Equal-rates Markov Models
The simplest evolutionary model is known as an equal-rates Markov model (ERM). Here we start with one species (at time zero) that splits into two (at time one). Each of these splits into two more species at time two, making four in total. This process continues in an exponential fashion (i.e. 1, 2, 4, 8, 16, 32…) with each doubling taking place in the same amount of time (hence the term ‘equal-rates’).Of course many real trees don’t work like this. Some species do not split, others go extinct and others still split more rapidly. All these deviations from the ‘equal rates’ assumption may fall within the assumptions of a random walk. In other words, in reality one expects evolution to be quixotic and opportunistic, and a perfect ERM tree would never arise. But, how far does the tree have to deviate from the ERM perfect expectation to be deemed sufficiently different that some additional process might be involved?
A random walk encompasses the kind of random fluctuations that might happen in real evolution – a flurry of speciation in one lineage, a batch of extinctions in another – but which are not entirely unexpected. If the tree pattern though diverges beyond the expectations of the random walk, then there may be evidence for a trend, say, a directional pattern of evolution where a cause might be sought. An example might be that large species survive better than small ones, and this deviates significantly from a random walk, and so this is a real trend to larger size within the clade, and interesting biological causes might be sought.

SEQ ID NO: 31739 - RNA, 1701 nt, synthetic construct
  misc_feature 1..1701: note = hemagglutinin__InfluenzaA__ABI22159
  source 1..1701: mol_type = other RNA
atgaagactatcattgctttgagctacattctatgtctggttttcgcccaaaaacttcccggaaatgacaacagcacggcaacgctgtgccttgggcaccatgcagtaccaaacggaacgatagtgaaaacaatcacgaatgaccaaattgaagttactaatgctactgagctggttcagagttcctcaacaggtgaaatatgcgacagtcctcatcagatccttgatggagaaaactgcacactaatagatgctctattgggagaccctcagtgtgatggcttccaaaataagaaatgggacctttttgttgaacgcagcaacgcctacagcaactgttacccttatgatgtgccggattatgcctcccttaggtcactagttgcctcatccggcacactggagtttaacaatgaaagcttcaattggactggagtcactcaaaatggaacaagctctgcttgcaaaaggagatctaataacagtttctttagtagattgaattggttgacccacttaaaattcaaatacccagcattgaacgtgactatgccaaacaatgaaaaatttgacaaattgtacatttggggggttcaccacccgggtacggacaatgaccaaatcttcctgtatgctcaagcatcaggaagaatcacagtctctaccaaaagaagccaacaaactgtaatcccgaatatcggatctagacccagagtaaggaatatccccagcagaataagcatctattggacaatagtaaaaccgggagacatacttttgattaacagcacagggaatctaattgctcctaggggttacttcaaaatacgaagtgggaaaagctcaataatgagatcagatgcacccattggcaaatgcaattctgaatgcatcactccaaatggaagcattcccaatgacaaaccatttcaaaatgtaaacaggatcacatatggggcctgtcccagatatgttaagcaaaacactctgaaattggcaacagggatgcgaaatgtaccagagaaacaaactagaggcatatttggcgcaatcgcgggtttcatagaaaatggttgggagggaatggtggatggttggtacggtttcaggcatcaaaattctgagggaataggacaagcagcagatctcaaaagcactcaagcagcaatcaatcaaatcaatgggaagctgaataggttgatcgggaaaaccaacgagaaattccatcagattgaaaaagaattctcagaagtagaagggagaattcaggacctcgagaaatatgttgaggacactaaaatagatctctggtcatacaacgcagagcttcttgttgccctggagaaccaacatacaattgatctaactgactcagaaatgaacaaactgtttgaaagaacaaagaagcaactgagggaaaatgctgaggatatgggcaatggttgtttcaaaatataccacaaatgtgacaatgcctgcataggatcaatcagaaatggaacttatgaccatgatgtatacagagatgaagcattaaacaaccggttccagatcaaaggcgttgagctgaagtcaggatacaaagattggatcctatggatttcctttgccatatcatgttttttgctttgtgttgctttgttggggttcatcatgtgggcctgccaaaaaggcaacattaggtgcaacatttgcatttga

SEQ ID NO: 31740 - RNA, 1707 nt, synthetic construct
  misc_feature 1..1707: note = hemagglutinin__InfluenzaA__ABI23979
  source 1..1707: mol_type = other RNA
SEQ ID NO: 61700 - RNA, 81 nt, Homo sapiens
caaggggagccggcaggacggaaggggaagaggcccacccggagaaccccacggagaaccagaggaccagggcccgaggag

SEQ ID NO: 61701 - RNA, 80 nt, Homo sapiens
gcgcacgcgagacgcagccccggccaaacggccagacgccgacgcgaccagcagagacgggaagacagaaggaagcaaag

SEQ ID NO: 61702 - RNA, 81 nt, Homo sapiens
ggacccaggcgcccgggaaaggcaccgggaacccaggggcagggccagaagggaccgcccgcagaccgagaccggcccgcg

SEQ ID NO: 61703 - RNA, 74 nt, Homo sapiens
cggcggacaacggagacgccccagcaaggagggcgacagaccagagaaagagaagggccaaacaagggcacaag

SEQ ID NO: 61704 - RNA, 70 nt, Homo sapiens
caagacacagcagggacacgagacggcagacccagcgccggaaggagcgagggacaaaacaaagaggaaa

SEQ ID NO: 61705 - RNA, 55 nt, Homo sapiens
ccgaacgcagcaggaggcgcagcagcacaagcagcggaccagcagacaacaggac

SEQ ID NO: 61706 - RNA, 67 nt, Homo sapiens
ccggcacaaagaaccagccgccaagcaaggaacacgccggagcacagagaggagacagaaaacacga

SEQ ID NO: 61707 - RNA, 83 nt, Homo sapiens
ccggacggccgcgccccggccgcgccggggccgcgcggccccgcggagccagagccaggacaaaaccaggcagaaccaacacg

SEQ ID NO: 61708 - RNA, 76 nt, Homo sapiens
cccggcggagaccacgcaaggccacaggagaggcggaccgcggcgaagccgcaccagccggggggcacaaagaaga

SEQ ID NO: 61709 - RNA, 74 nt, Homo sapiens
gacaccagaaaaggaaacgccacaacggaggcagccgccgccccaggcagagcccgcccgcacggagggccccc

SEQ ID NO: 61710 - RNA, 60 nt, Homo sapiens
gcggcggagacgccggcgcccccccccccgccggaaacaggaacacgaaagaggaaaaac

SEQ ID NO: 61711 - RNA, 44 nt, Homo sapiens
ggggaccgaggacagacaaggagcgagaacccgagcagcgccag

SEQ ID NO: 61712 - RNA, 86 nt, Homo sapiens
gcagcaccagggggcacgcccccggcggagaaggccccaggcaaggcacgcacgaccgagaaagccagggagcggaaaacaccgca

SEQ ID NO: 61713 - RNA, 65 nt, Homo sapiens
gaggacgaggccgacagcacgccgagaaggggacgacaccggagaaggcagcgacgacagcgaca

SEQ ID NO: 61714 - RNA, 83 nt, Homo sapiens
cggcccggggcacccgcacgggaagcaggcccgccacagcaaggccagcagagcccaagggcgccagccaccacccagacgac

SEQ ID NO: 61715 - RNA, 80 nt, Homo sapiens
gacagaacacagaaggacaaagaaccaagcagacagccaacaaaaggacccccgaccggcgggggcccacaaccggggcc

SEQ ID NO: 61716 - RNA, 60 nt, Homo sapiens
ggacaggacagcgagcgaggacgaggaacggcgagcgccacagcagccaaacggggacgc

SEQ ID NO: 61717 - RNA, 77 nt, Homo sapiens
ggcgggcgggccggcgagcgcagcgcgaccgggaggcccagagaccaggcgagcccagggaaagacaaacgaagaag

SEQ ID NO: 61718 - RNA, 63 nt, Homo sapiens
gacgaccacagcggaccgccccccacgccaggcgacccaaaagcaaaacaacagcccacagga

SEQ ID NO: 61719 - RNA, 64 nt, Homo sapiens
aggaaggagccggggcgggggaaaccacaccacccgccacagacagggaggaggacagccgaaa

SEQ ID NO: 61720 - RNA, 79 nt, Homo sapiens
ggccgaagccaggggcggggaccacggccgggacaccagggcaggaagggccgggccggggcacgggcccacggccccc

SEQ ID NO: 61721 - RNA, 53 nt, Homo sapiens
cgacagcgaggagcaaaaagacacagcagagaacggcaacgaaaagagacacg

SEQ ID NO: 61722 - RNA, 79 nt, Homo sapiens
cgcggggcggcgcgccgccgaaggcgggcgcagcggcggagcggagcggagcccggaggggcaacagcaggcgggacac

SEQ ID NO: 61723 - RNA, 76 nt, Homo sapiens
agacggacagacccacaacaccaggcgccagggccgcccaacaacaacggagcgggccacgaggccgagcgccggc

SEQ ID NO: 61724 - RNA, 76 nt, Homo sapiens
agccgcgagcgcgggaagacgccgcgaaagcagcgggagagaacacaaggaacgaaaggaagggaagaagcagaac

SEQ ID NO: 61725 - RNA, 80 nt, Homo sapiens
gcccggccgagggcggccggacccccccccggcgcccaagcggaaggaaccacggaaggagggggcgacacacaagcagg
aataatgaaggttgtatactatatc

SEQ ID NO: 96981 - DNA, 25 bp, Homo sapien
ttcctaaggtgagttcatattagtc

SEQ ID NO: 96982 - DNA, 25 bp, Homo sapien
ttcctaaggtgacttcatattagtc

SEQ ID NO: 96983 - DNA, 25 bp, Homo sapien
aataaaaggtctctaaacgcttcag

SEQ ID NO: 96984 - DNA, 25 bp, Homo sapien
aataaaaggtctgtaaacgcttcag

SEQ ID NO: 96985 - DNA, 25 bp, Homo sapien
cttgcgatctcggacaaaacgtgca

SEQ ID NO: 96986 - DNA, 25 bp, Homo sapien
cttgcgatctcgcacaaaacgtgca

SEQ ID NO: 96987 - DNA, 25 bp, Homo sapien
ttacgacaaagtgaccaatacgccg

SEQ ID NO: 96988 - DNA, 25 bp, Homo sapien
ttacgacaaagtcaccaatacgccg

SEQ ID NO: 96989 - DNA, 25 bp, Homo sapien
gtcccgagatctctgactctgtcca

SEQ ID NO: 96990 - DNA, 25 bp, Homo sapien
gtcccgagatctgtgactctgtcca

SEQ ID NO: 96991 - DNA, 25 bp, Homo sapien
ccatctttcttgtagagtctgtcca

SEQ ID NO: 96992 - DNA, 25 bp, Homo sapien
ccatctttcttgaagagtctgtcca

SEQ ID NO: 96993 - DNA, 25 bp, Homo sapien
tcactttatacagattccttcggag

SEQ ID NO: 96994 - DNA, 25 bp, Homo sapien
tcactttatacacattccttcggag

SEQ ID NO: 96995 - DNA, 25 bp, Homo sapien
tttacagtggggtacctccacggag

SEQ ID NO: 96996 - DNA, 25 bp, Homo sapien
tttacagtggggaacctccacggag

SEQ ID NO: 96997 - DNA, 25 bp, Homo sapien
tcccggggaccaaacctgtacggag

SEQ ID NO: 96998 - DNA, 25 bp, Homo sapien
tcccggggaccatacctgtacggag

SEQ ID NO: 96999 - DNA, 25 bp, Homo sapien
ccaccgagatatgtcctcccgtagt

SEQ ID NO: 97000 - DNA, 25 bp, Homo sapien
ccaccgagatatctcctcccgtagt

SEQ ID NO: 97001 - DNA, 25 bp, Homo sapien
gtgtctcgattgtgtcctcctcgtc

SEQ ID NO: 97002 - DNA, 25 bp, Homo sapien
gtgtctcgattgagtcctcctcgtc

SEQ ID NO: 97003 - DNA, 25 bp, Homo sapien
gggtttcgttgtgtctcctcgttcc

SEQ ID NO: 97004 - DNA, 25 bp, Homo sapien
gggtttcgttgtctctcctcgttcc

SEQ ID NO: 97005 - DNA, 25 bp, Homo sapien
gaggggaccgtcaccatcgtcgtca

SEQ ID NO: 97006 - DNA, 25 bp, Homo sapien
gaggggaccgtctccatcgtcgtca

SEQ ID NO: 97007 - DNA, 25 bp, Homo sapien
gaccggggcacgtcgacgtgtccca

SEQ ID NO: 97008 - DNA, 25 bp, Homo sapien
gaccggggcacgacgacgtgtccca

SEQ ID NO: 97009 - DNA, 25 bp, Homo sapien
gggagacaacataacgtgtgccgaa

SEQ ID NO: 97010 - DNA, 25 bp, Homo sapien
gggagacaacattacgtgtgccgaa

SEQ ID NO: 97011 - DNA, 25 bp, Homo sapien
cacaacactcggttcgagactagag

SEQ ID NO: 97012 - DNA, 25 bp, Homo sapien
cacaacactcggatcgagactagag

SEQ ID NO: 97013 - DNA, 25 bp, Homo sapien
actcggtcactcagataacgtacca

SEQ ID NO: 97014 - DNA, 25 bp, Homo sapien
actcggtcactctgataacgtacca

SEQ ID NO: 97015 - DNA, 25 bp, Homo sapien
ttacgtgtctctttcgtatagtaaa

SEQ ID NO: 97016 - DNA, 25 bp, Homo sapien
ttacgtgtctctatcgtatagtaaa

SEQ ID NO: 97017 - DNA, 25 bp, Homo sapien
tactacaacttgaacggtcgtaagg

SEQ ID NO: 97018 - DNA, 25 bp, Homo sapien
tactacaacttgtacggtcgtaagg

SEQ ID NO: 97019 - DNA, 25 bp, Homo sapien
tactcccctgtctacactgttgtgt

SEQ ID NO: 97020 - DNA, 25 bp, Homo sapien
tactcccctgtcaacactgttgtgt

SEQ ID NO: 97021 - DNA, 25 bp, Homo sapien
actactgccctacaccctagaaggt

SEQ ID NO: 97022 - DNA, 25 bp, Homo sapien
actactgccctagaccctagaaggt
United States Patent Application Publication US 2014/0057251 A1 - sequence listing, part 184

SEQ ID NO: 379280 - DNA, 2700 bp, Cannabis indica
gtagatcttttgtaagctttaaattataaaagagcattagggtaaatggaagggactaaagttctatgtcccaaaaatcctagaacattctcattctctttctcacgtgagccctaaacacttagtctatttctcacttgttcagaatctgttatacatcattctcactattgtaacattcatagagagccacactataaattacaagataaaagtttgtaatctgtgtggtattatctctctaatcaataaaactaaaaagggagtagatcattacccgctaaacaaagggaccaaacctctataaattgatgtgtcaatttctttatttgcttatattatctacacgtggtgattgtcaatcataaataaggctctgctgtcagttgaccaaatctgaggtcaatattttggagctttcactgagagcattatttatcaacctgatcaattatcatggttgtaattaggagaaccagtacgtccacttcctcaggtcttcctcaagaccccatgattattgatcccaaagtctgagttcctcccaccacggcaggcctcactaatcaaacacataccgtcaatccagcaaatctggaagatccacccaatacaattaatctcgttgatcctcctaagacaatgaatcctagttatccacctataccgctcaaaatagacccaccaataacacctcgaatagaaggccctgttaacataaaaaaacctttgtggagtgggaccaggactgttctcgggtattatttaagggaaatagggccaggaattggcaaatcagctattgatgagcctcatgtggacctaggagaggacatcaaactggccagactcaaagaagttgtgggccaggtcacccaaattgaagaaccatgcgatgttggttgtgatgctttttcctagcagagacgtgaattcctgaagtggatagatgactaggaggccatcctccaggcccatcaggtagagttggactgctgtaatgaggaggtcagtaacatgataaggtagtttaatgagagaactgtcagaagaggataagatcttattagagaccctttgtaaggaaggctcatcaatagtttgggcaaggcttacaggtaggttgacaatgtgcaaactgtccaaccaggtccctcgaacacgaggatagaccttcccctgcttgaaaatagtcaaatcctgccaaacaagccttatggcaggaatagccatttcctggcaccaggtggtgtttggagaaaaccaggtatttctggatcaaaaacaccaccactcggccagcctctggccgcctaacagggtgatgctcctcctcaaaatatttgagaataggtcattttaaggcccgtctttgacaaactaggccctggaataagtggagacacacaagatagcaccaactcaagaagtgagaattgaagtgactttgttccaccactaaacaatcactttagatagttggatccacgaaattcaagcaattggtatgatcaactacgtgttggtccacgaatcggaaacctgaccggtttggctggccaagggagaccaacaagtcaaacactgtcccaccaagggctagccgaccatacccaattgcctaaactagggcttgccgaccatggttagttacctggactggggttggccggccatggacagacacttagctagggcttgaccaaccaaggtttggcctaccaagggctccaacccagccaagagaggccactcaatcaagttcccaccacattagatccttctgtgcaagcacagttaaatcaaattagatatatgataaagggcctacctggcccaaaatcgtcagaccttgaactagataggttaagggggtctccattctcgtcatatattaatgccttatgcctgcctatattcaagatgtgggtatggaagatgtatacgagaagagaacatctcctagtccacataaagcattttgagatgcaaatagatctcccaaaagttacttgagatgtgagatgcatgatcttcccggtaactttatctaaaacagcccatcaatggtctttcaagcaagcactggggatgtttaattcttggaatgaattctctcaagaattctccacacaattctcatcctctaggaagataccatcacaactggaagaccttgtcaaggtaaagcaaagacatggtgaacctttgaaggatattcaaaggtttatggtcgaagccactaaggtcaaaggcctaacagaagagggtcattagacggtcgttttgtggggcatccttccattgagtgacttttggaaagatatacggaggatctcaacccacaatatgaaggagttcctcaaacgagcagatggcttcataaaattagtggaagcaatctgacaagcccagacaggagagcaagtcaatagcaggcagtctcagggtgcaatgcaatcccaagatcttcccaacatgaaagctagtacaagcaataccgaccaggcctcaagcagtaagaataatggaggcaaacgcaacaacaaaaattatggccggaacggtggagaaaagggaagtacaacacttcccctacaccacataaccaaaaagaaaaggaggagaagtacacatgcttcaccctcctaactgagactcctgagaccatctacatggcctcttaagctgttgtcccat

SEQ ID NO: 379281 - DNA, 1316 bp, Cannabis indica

Statistically significant deviations from the random-walk expectations of a classic ERM are called diversification shifts. Computer programs allow diversification shifts to be identified by processing a complete phylogenetic tree, and assessing the amount of splitting at each node, or branching point. So, in our dinosaur supertree, with 420 species, we had 419 branching points, but only 11 of these showed evidence of diverging sufficiently from the ERM expectation that they could be identified as diversification shifts.
An excellent introduction to Equal-rate Markov models, and diversification shifts, is Nee (2006), and the standard software then to do the calculations was SymmeTree (Chan & Moore 2005).
- Chan, K. M. A. and Moore, B. R. 2005. SymmeTree: whole-tree analysis of differential diversification rates. Bioinformatics 21, 1709-1710.
- Nee, S. 2006. Birth-death models in macroevolution. Annual Reviews of Ecology and Systematics 37, 1-26.
The supertree, and our further macroevolutionary studies are developed further here.